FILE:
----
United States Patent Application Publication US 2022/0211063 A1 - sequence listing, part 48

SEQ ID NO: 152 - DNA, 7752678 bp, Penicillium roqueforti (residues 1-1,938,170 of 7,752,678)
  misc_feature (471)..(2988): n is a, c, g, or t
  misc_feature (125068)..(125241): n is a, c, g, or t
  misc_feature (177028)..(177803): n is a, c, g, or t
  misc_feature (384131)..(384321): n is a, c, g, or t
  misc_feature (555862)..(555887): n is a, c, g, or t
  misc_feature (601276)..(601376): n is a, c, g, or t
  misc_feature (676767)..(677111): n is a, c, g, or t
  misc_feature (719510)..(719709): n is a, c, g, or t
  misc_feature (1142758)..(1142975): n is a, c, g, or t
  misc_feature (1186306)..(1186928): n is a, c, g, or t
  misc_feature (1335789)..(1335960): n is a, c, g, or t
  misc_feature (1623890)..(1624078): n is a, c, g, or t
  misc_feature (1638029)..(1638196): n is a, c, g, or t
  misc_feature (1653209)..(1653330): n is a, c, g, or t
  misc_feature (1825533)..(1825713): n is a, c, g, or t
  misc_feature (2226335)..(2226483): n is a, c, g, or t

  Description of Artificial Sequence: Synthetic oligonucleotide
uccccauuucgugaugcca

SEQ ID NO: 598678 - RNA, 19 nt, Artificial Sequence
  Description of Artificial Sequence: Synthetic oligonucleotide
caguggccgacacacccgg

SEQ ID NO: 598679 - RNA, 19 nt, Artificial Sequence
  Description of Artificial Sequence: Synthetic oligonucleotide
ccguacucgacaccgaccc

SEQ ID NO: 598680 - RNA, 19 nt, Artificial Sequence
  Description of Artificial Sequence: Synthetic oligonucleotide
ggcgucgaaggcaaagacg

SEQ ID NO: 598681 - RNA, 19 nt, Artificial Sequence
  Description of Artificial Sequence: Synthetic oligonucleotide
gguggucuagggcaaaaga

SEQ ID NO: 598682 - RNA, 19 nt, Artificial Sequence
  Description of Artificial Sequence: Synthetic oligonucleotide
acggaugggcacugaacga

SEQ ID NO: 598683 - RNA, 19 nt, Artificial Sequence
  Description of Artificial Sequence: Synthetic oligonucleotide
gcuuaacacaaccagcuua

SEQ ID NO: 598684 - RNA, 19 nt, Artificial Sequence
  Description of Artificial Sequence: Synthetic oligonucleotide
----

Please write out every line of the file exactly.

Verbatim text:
United States Patent Application Publication US 2022/0211063 A1 - sequence listing, part 48

SEQ ID NO: 152 - DNA, 7752678 bp, Penicillium roqueforti (residues 1-1,938,170 of 7,752,678)
  misc_feature (471)..(2988): n is a, c, g, or t
  misc_feature (125068)..(125241): n is a, c, g, or t
  misc_feature (177028)..(177803): n is a, c, g, or t
  misc_feature (384131)..(384321): n is a, c, g, or t
  misc_feature (555862)..(555887): n is a, c, g, or t
  misc_feature (601276)..(601376): n is a, c, g, or t
  misc_feature (676767)..(677111): n is a, c, g, or t
  misc_feature (719510)..(719709): n is a, c, g, or t
  misc_feature (1142758)..(1142975): n is a, c, g, or t
  misc_feature (1186306)..(1186928): n is a, c, g, or t
  misc_feature (1335789)..(1335960): n is a, c, g, or t
  misc_feature (1623890)..(1624078): n is a, c, g, or t
  misc_feature (1638029)..(1638196): n is a, c, g, or t
  misc_feature (1653209)..(1653330): n is a, c, g, or t
  misc_feature (1825533)..(1825713): n is a, c, g, or t
  misc_feature (2226335)..(2226483): n is a, c, g, or t

  Description of Artificial Sequence: Synthetic oligonucleotide
uccccauuucgugaugcca

SEQ ID NO: 598678 - RNA, 19 nt, Artificial Sequence
  Description of Artificial Sequence: Synthetic oligonucleotide
caguggccgacacacccgg

SEQ ID NO: 598679 - RNA, 19 nt, Artificial Sequence
  Description of Artificial Sequence: Synthetic oligonucleotide
ccguacucgacaccgaccc

SEQ ID NO: 598680 - RNA, 19 nt, Artificial Sequence
  Description of Artificial Sequence: Synthetic oligonucleotide
ggcgucgaaggcaaagacg

SEQ ID NO: 598681 - RNA, 19 nt, Artificial Sequence
  Description of Artificial Sequence: Synthetic oligonucleotide
gguggucuagggcaaaaga

SEQ ID NO: 598682 - RNA, 19 nt, Artificial Sequence
  Description of Artificial Sequence: Synthetic oligonucleotide
acggaugggcacugaacga

SEQ ID NO: 598683 - RNA, 19 nt, Artificial Sequence
  Description of Artificial Sequence: Synthetic oligonucleotide
gcuuaacacaaccagcuua

SEQ ID NO: 598684 - RNA, 19 nt, Artificial Sequence
  Description of Artificial Sequence: Synthetic oligonucleotide